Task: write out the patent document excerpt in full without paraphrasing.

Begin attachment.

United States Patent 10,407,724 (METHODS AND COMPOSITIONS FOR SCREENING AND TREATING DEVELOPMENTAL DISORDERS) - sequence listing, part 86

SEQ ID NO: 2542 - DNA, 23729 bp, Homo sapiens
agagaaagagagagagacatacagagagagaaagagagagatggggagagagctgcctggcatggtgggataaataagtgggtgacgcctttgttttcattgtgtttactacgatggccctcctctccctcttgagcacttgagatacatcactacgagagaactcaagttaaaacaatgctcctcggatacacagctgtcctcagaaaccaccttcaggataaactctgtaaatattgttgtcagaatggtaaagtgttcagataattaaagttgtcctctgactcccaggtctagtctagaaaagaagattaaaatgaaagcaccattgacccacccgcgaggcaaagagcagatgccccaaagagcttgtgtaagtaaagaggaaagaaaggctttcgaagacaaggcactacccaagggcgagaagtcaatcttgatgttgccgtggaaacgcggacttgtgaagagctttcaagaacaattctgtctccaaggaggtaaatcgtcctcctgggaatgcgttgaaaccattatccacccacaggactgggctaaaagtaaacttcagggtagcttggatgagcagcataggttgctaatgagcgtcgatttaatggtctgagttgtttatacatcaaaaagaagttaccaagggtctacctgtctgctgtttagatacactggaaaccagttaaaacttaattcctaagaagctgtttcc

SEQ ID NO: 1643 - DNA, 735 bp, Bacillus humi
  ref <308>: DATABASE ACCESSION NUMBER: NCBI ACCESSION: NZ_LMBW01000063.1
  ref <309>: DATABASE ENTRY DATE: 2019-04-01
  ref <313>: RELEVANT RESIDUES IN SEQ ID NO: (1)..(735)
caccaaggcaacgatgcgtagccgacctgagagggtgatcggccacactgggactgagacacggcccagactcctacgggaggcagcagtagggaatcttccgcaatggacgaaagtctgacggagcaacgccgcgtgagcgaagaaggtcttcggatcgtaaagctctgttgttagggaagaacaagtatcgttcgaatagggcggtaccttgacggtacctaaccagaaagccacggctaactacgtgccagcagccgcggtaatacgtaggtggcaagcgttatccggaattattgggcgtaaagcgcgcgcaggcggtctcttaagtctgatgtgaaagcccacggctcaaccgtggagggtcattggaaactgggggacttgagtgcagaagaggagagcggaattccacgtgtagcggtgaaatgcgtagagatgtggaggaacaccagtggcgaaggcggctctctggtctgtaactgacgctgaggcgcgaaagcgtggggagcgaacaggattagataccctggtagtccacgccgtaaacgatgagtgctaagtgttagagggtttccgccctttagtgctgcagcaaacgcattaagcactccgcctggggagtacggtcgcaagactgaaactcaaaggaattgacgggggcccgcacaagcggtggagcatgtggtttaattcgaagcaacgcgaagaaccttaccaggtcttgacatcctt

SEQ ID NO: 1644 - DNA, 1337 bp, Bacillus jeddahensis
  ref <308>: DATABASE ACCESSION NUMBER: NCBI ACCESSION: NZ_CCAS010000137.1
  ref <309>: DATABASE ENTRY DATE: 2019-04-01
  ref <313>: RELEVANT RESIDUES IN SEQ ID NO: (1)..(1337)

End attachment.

United States Patent 10,407,724 (METHODS AND COMPOSITIONS FOR SCREENING AND TREATING DEVELOPMENTAL DISORDERS) - sequence listing, part 86

SEQ ID NO: 2542 - DNA, 23729 bp, Homo sapiens
agagaaagagagagagacatacagagagagaaagagagagatggggagagagctgcctggcatggtgggataaataagtgggtgacgcctttgttttcattgtgtttactacgatggccctcctctccctcttgagcacttgagatacatcactacgagagaactcaagttaaaacaatgctcctcggatacacagctgtcctcagaaaccaccttcaggataaactctgtaaatattgttgtcagaatggtaaagtgttcagataattaaagttgtcctctgactcccaggtctagtctagaaaagaagattaaaatgaaagcaccattgacccacccgcgaggcaaagagcagatgccccaaagagcttgtgtaagtaaagaggaaagaaaggctttcgaagacaaggcactacccaagggcgagaagtcaatcttgatgttgccgtggaaacgcggacttgtgaagagctttcaagaacaattctgtctccaaggaggtaaatcgtcctcctgggaatgcgttgaaaccattatccacccacaggactgggctaaaagtaaacttcagggtagcttggatgagcagcataggttgctaatgagcgtcgatttaatggtctgagttgtttatacatcaaaaagaagttaccaagggtctacctgtctgctgtttagatacactggaaaccagttaaaacttaattcctaagaagctgtttcc

SEQ ID NO: 1643 - DNA, 735 bp, Bacillus humi
  ref <308>: DATABASE ACCESSION NUMBER: NCBI ACCESSION: NZ_LMBW01000063.1
  ref <309>: DATABASE ENTRY DATE: 2019-04-01
  ref <313>: RELEVANT RESIDUES IN SEQ ID NO: (1)..(735)
caccaaggcaacgatgcgtagccgacctgagagggtgatcggccacactgggactgagacacggcccagactcctacgggaggcagcagtagggaatcttccgcaatggacgaaagtctgacggagcaacgccgcgtgagcgaagaaggtcttcggatcgtaaagctctgttgttagggaagaacaagtatcgttcgaatagggcggtaccttgacggtacctaaccagaaagccacggctaactacgtgccagcagccgcggtaatacgtaggtggcaagcgttatccggaattattgggcgtaaagcgcgcgcaggcggtctcttaagtctgatgtgaaagcccacggctcaaccgtggagggtcattggaaactgggggacttgagtgcagaagaggagagcggaattccacgtgtagcggtgaaatgcgtagagatgtggaggaacaccagtggcgaaggcggctctctggtctgtaactgacgctgaggcgcgaaagcgtggggagcgaacaggattagataccctggtagtccacgccgtaaacgatgagtgctaagtgttagagggtttccgccctttagtgctgcagcaaacgcattaagcactccgcctggggagtacggtcgcaagactgaaactcaaaggaattgacgggggcccgcacaagcggtggagcatgtggtttaattcgaagcaacgcgaagaaccttaccaggtcttgacatcctt

SEQ ID NO: 1644 - DNA, 1337 bp, Bacillus jeddahensis
  ref <308>: DATABASE ACCESSION NUMBER: NCBI ACCESSION: NZ_CCAS010000137.1
  ref <309>: DATABASE ENTRY DATE: 2019-04-01
  ref <313>: RELEVANT RESIDUES IN SEQ ID NO: (1)..(1337)